Carnet De Voyage was a game organized by the systems forum, Technocratz. It was inspired from the graphic travelogue-novel of the same name by cartoonist Craig Thomson. The game was related to both the novel bearing this name as well as the legendary ‘Motorcycle Diaries’ by Che Guevara and required participants to virtually visit different countries to solve problems of the people there.
Gen-M forum’s games took their names from fictional works. Vini Vidi Vici is a phrase in the Shakespearean drama Julius Caesar meaning, I came, I saw and I conquered. The game was about finding the best manager who comes, sees and conquers the B-Fest. Expecto Patronum got its name from the Harry Potter series; it is a magical spell that can be cast only when there are happy memories to draw strength from.
Pegasus is a flying horse in Greek mythology. This name was used by the Ozone forum for its game that included operating a space shuttle. The name of its second game La Pode Rosa came from the bike used in Motorcycle Diaries; the game itself was related to bike manufacturing. Fortune, the finance forum christened their games Managiare Moneta (finding the best manager) and impLOii pEirol (employee participation).
Finally, Jagriti, the hugely popular self-awareness forum at the School used Sanskrit names. Did you know that recent research shows that ancient European languages including Latin and Greek are derived from our own Sanskrit? Drishti meaning outlook, emphasized the bringing out of different perspectives of participants. It was one of the best attended events of the entire B-Fest.
The first day of Pragati-09 concluded with a resounding Cultural Nite with the audience foot tapping to the songs and elegant dances at the Amriteshwari Hall. “It was a grand success, very well performed, and very different from other programs held at the college,” said Aishwarya Lakshmi of Sri Krishna College.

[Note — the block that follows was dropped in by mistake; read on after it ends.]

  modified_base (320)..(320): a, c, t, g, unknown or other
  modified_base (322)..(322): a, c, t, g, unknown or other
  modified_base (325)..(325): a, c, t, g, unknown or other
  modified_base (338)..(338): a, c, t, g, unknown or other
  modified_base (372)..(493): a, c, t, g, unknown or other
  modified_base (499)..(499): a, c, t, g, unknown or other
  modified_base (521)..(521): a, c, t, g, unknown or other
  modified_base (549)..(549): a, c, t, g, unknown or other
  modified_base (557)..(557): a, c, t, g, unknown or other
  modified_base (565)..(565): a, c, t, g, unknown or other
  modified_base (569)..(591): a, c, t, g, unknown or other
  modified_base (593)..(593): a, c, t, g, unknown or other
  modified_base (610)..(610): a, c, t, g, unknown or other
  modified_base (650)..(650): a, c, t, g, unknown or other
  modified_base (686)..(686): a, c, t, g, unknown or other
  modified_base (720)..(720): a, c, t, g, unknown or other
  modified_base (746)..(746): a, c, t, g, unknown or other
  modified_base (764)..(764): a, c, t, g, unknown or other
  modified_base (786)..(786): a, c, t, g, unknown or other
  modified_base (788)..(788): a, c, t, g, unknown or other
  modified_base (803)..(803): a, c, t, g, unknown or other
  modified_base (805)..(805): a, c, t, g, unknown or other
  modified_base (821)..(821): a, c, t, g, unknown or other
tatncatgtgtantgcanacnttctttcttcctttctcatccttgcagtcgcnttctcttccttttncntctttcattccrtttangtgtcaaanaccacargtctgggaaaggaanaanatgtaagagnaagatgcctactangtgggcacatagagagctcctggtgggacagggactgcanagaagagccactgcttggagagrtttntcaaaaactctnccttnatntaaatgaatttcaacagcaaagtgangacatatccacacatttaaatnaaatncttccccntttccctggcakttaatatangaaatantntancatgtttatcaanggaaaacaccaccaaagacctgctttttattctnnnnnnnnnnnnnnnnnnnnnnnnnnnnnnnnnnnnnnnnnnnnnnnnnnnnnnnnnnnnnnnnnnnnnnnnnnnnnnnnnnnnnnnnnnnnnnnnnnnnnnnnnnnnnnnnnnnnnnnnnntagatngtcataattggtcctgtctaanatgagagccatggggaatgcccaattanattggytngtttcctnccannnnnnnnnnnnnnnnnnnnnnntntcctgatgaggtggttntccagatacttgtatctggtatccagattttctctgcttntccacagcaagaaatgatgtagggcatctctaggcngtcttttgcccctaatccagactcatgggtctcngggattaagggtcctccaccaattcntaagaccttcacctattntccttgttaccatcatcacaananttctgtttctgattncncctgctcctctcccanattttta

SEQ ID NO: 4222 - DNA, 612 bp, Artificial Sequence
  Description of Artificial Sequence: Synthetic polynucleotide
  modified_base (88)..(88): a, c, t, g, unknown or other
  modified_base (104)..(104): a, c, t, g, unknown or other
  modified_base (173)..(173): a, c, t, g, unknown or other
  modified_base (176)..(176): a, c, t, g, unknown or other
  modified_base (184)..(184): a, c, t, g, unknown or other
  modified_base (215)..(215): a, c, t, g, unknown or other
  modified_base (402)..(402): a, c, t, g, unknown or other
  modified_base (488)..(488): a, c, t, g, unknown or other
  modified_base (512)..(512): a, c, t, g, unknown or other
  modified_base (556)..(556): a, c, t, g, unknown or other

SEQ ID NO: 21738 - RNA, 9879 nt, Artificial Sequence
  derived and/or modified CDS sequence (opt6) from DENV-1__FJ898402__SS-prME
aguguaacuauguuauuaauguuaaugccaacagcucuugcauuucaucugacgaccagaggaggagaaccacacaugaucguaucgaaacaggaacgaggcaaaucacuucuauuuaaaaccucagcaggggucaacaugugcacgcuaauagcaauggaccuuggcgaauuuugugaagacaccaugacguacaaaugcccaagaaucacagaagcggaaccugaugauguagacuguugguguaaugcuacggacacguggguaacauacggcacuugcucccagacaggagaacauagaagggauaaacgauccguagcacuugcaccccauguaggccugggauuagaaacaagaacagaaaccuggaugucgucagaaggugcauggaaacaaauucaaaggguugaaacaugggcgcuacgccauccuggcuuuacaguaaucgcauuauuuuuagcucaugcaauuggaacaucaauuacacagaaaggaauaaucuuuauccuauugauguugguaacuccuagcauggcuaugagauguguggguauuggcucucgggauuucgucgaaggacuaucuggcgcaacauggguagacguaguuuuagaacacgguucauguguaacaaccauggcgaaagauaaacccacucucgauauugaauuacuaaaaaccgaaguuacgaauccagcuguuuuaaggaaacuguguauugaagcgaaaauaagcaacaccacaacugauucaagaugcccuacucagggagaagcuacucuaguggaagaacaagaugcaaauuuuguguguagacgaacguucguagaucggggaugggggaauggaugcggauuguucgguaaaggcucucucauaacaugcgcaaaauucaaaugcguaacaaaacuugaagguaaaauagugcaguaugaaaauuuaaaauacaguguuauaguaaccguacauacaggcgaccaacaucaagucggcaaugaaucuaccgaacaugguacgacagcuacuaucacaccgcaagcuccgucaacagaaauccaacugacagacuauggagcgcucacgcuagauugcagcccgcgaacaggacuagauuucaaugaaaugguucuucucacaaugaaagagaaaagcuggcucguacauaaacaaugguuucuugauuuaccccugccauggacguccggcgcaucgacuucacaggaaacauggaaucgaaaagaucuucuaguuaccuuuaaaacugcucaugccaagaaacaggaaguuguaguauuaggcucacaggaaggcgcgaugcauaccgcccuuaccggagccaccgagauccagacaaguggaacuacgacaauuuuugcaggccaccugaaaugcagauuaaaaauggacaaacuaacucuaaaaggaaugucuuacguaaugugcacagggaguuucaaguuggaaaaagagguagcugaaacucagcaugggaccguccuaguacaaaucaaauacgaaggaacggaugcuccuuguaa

The highlight was a one hour musical fusion by ‘Mystic Vibes’ from Bangalore. Foot-tapping numbers in Tamil, Hindi and Arabic by our own Ragasudha followed next. There was a dance performance by ASB students. Finally, there were video clippings of Motor Cycle Raiders and a presentation in honor of the organizing team of Pragati-08.
Arathi Laxman was vice president of SVB India Advisors Pvt. Ltd. She has over 19 years of professional services and operations experience with software companies in the US, UK and India. In 2001, she served as vice president of organizational development at Elgi Equipment Ltd. After a break of a couple of years she is back to work as the Chief Product Officer (CPO) of a startup company, VIA in Bangalore. She has a bachelor’s degree in Computer Science from Richmond College, London. Excerpts from an exclusive interview with Ms. Laxman below.
What do you think about Amrita and its students?
The Amrita faculty has high caliber. It is not just that their credentials stand out; there is a sense of dedication. The students are sincere. There is a tremendous amount of talent here which, if tapped, would yield awe-inspiring results.
Is this the right time to study for an MBA degree?
Yes, of course. There is no right or wrong time to do an MBA. It may not be an easy task; there will be a dearth of jobs coupled with high competition. But if you are sincere, you can surely create a place for yourself and find the right opportunities.
What is the main difference between an MBA from abroad and one from India?
One main difference is that in India students do an MBA without work experience. It would be really nice if all MBA institutions made work experience a mandatory eligibility criterion. Students could first work for 2-3 years and then with their hard earned money, study MBA. In this manner, they would learn 10 times more.
You have worked both in India as well as in the US. What are the main differences in working between the two countries?
I don’t really want to compare because each and every place has its own positive points. In the US, people have a sense of responsibility and a feeling that they can make a difference. The culture in India is different; people have a spiritual focus. One main drawback in India is that the people are very passive and not active.
What is your success mantra?
My success mantra is that I love a blank slate. Even if there is nothing on it, things can be created. Even if I don’t know anything I am always ready to learn. That instinct has helped me come a very long way and grow multi dimensionally. And because of that there has been no dearth of opportunities.
What is your advice to the future managers?
They should inculcate a performance-oriented culture and lead by setting a good example. They should create a work place based on principles and morals, then they will surely go far places. India is a country with a large number of young people; it is upto them to ensure the country’s progress and growth in the future years.